PHOTOGRAPHY BUFFS may already know about the “hidden mother” in early photographs, but some of my readers may not. So—this is for them. Shown above are two recently auctioned tintypes, both of which are excellent examples of this 19th century phenomenon. You see, most infants during that time were photographed with their mothers holding them. The intended picture was ultimately headed for a frame or mat, so the child would sit in the mothers lap for the photo. When the picture was taken, the mother simply was cropped out to serve as the backdrop.

In the top right photo, I have shown a suggested cropping, with the mother cropped out. Without a mat, the photos are decidedly creepy—but that's the way it was (under the mat), over 100 years ago. “Hidden Mother” tintypes are highly sought after by collectors.

This is an Accidental Mysteries re-post from December 2008.

Thursday, November 18, 2010

Soviet Era Space Race Graphics

ONE OF THE EARLIEST MEMORIES in my life was in the late fall of 1957. I was 6 years old and I remember my father taking me out into the “country” as he called it—to get a view of Sputnik, the first man-made satellite to orbit the earth. There, we pulled over into a field, away from the city lights, and stared at the night sky. It was late, and I remember being elated as my father pointed to a moving “star” traveling slowly across the dark night sky. Since that night, I was a fan of all the space flights, both Russian and American. I saved every newspaper (still have them), and followed the first astronauts like Alan Shepard and John Glenn.

These graphics are as fresh today as they were 50 years ago.

Enjoy this earlier post readers. And thanks for feeding the goldfish.

Sunday, September 12, 2010

Accidental Mysteries is Relocating

(Above) Image © Accidental Mysteries. Click for larger view.

HELLO, READERS AND FOLLOWERS OF ACCIDENTAL MYSTERIES. Just a note to tell my readers that Accidental Mysteries has relocated to Design Observer. What this means is that I hope you will re-tune your computer bookmarks to follow AM on one of the largest and most relevant websites today featuring news and critical essays on design, urbanism, social innovation and popular culture. To be asked to join their team is an honor. Design Observer has always been one of my favorite places to visit.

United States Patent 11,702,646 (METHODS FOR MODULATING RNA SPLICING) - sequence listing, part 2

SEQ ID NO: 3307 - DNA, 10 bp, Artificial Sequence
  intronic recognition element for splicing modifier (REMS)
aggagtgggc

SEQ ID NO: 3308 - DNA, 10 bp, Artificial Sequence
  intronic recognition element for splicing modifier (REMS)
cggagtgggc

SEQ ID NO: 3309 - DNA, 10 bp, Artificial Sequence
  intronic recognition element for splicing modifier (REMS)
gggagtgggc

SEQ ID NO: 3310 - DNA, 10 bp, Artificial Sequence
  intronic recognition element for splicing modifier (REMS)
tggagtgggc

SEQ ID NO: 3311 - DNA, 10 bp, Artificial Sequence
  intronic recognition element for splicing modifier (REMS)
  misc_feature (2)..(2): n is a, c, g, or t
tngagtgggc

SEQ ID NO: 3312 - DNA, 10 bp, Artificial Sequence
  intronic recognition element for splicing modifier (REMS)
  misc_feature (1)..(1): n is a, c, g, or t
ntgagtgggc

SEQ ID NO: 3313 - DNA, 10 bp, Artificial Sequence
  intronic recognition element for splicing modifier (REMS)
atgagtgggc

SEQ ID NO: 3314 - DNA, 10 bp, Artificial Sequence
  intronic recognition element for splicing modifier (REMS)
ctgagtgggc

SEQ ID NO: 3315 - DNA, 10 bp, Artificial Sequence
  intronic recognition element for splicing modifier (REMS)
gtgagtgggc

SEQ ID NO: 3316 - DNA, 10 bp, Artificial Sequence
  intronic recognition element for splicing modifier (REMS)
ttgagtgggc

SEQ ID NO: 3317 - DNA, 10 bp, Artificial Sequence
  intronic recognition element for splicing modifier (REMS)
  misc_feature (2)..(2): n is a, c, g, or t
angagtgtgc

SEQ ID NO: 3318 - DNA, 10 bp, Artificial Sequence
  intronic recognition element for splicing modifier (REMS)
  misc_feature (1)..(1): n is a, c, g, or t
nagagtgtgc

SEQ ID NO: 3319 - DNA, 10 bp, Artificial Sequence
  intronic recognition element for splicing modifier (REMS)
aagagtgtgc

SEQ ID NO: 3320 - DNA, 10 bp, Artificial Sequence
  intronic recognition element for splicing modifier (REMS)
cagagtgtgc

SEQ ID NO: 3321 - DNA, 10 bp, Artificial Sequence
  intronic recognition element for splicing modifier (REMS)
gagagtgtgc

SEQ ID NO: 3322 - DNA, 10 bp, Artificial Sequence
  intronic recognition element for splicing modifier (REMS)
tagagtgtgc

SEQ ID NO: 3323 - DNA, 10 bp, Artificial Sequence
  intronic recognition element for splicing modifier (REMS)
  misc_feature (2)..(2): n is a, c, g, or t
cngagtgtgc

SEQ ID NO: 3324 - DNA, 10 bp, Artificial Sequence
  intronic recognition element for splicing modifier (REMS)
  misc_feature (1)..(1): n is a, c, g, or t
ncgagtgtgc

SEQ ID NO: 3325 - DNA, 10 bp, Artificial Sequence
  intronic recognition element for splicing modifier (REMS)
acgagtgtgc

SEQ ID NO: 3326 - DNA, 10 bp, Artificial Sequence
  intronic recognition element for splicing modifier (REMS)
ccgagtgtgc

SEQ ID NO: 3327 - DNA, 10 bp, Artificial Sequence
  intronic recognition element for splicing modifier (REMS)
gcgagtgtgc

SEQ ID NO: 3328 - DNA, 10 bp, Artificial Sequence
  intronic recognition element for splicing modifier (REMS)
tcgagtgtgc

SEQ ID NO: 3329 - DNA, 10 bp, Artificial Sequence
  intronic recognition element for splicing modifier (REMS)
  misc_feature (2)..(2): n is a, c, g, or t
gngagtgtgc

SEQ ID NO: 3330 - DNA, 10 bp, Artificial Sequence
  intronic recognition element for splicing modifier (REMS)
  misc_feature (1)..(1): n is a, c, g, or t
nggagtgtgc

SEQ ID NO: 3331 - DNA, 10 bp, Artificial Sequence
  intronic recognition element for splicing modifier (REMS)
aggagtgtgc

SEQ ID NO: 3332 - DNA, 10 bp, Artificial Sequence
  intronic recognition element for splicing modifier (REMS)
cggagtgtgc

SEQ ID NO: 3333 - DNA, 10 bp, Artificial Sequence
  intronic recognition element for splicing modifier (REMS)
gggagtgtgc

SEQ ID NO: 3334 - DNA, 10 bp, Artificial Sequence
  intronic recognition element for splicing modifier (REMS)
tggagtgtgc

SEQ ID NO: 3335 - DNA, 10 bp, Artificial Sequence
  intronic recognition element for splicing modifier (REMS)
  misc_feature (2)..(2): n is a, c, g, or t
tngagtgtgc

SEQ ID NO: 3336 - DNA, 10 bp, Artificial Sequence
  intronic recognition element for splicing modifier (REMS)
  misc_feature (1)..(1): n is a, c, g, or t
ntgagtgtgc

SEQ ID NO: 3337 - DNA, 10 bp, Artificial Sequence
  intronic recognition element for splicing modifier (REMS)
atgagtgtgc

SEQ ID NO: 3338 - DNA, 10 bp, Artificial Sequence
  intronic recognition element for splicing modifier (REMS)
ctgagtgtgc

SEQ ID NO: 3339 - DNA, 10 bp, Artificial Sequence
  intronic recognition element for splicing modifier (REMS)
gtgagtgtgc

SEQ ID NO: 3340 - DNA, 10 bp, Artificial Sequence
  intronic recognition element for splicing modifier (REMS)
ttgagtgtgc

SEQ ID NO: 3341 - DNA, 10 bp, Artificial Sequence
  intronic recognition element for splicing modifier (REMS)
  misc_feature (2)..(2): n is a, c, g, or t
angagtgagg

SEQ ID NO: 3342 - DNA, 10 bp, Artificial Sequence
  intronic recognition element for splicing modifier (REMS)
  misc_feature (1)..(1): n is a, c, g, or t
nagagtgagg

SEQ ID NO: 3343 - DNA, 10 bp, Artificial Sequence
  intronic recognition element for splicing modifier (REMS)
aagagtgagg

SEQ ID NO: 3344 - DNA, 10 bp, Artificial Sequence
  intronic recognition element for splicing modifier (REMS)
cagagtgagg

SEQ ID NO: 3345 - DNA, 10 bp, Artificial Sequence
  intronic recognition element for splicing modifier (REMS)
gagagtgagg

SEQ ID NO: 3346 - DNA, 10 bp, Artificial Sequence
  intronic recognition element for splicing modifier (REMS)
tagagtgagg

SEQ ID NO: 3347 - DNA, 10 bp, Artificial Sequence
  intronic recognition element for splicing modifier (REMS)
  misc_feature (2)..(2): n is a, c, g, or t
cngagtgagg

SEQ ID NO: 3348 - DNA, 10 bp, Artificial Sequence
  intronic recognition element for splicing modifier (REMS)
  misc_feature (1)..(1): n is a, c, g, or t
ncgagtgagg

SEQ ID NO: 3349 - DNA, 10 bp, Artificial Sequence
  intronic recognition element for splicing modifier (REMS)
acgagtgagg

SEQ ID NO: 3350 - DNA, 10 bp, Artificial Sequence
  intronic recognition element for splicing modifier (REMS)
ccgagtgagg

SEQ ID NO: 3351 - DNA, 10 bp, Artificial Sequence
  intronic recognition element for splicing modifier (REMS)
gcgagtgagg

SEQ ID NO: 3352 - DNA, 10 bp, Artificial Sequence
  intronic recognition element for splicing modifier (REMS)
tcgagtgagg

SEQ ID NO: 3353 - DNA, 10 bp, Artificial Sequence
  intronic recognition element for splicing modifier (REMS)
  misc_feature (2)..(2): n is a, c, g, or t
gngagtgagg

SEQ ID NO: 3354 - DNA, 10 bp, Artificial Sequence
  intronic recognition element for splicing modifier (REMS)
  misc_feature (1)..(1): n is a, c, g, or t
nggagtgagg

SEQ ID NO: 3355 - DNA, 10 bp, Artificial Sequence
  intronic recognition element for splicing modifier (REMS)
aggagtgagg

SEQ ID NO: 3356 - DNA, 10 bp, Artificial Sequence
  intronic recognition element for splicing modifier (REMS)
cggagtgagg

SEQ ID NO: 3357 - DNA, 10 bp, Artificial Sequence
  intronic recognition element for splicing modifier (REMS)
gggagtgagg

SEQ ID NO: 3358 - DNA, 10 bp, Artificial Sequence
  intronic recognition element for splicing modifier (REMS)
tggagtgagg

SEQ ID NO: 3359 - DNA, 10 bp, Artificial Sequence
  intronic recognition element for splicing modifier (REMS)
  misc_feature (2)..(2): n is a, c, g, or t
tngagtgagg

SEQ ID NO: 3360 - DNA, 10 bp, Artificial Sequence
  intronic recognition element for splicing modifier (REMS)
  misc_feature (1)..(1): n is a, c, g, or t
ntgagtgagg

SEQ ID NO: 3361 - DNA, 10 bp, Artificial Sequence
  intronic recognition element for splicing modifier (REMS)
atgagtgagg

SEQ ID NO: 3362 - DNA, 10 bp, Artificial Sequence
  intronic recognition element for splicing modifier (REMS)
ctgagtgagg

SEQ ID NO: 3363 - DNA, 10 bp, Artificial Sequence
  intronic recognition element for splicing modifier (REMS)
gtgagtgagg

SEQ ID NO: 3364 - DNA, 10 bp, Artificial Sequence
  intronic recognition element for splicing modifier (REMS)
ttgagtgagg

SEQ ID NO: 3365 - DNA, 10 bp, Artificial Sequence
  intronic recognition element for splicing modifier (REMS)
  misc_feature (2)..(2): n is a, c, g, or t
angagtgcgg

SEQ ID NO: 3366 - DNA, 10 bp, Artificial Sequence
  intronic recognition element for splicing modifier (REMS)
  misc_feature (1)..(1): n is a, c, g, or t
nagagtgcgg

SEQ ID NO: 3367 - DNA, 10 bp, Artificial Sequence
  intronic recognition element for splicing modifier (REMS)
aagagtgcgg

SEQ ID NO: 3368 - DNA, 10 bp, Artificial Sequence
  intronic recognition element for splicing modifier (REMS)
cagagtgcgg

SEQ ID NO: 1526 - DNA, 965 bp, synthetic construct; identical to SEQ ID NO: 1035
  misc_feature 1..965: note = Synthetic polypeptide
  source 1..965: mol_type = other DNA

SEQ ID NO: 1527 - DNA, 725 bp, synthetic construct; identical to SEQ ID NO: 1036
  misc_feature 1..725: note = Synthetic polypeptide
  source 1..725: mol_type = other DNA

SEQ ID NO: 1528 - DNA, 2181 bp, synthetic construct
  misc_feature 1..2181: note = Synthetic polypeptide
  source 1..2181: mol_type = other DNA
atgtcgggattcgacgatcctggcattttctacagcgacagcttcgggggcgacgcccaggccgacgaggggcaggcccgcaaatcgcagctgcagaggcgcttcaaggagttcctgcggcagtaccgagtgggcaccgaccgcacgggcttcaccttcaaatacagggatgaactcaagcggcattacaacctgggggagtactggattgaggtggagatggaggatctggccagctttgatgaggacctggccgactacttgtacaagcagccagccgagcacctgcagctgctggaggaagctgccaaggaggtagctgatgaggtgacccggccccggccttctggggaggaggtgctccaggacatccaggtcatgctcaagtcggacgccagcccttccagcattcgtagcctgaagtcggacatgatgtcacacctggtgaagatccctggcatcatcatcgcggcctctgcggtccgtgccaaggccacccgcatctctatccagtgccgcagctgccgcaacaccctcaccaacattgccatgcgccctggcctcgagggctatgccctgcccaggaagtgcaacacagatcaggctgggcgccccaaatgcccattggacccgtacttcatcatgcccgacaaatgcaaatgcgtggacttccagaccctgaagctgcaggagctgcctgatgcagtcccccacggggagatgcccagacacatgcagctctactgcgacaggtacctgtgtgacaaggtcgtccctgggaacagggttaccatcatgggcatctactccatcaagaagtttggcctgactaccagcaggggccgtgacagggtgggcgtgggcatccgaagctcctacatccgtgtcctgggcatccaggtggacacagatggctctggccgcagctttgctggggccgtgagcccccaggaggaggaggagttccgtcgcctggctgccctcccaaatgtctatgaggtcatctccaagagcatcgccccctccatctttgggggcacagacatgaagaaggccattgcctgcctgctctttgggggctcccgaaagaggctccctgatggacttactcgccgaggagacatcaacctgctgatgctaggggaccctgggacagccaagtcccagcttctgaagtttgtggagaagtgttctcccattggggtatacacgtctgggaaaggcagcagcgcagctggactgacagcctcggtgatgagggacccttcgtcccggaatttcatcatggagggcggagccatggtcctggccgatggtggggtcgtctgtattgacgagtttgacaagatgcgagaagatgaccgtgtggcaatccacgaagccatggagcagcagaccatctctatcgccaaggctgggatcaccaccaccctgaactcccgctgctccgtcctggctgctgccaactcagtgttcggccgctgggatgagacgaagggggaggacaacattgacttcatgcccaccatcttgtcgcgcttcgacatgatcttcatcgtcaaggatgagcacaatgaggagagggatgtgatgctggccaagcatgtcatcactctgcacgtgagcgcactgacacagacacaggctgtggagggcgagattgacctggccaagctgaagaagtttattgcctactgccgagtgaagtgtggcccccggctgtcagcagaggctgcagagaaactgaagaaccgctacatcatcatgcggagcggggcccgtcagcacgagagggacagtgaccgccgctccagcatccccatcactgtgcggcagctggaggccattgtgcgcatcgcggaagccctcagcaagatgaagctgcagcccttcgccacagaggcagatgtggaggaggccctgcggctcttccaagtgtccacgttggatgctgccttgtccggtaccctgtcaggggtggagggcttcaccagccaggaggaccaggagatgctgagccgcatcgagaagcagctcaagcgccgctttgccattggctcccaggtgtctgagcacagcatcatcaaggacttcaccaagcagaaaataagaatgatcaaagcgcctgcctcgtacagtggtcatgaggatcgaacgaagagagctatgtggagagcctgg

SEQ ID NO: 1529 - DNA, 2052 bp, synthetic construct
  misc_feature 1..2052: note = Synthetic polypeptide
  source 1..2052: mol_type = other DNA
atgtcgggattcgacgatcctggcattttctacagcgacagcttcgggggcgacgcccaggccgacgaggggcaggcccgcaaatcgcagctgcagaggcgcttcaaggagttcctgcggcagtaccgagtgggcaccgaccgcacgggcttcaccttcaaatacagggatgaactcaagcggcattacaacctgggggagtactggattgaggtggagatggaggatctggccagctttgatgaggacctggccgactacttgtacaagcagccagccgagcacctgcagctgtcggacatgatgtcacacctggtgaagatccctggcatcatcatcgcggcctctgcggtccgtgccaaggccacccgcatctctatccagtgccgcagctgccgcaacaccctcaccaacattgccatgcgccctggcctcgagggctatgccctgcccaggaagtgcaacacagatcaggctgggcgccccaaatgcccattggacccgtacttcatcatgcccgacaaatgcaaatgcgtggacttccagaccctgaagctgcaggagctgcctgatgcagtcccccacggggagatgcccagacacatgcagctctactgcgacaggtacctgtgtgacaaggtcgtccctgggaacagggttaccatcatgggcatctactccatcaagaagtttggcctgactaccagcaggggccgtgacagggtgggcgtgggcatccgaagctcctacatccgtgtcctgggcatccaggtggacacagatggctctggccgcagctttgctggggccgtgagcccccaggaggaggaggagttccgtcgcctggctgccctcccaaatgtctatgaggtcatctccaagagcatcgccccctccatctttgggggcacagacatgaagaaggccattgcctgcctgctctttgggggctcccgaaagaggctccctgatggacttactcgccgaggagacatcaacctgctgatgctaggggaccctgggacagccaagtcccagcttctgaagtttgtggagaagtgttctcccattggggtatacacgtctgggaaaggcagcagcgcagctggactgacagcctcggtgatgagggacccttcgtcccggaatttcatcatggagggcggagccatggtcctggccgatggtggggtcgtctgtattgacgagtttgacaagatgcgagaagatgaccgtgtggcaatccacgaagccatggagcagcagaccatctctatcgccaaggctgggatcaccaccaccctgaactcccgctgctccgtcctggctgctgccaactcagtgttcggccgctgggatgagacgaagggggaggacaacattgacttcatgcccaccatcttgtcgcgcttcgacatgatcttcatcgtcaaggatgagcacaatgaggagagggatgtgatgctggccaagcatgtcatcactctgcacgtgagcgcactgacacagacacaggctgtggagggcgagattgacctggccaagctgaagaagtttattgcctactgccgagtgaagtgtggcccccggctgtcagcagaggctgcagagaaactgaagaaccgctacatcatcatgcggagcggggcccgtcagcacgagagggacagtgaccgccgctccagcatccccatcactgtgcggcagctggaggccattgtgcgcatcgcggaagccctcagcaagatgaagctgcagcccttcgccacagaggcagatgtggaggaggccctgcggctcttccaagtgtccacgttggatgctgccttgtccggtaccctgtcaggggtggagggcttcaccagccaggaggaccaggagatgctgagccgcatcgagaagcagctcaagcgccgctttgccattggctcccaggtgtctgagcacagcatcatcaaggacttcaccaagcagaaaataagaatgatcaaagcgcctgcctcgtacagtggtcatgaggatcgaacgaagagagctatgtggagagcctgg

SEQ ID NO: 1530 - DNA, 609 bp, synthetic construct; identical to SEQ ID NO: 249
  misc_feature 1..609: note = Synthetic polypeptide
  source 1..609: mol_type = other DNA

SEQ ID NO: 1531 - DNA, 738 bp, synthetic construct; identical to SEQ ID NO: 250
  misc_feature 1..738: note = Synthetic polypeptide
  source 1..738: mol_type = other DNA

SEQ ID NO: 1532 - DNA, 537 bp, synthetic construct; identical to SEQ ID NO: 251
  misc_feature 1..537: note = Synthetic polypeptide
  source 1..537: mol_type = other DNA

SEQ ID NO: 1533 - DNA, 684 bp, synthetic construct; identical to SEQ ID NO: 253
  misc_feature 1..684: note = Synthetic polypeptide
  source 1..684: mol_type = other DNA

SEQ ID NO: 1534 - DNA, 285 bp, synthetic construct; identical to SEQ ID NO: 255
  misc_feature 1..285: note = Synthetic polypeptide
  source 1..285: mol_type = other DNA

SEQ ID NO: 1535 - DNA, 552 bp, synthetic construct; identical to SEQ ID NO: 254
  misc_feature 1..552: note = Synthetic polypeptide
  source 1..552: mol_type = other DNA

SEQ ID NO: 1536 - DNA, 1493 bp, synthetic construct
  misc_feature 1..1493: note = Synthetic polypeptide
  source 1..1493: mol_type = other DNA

As many of you know, I started this blog almost 2 years ago and it has grown significantly during that time. I thought it was fun when the site tripped the half-million mark for clicks about a month ago. For the first year, I posted 7 days a week. Feeling burnout approaching after 12 months of daily posts (I never missed a day, btw), I gave myself the weekends off, which saved me—at least for a while.

And recently, to again avoid the inevitable burnout that can happen when you focus too hard on a single project, I asked for a little more time off to focus on a few other things in my life. But secretly I wished I could post just once a week and still not disappoint my readers. (OK, I have a “caretaker” complex, I admit it!)

When the invitation came from Design Observer to bring my eye and particular visual viewpoint via Accidental Mysteries to their site, it was perfect. The esteemed Eric Baker, author and Design Director of The O Group in Manhattan had just retired his popular site there called “Today,” and I was just one of many thousands who was sad to see it go. Accidental Mysteries is not meant to replace Eric’s Today—it will simply occupy a similar but unique spot.

And whereas Accidental Mysteries took nearly 2 years to garner a half-million clicks—Design Observer enjoys hundreds of thousands of site visits a month, plus large followings on Twitter and Facebook! It’s a big lovable, open-arms monster I am joining.

So dear readers, Accidental Mysteries is not going away, it has just moved. My first post was Sunday, October 3 and will continue to post once a week every Sunday thereafter.

This site will remain where it is—an archive of A.M. posts about the odd, the unusual and the curiosities and things I find off the beaten path. New posts will continue on Design Observer with same the focus and same viewpoint—just weekly, and with an opportunity to reach a much wider audience. Don’t go away—just set your clock to ring every Sunday or Monday morning, and see what Accidental Mysteries has to offer. And I’ll bet when you are there—you will find the depth of thought and essays throughout the Design Observer site to be a wonderful added bonus.

And please make a note that I will still be maintaining my Accidental Mysteries Facebook page, located here.

See you there!

And yes, that’s me and my twin sister Nancy standing by our new television set in Winston-Salem, NC about 1956. We had 3 channels—and never hoped for more.

Friday, September 10, 2010

Weekend Random Images

(Above) A rare, carved 19th century Phrenologist’s head, used as a table top model illustrating the properties associated with various parts of the brain. Carved and painted with ink descriptions along the scalp. Sensitive rendering of the face with inlaid glass eyes. C. 1870; 10 inches high. Via One Good Eye.

(Above) Terra cotta sculpture found near Ossining, N.Y., thought perhaps to be an end-of-day piece. Via Candler Arts.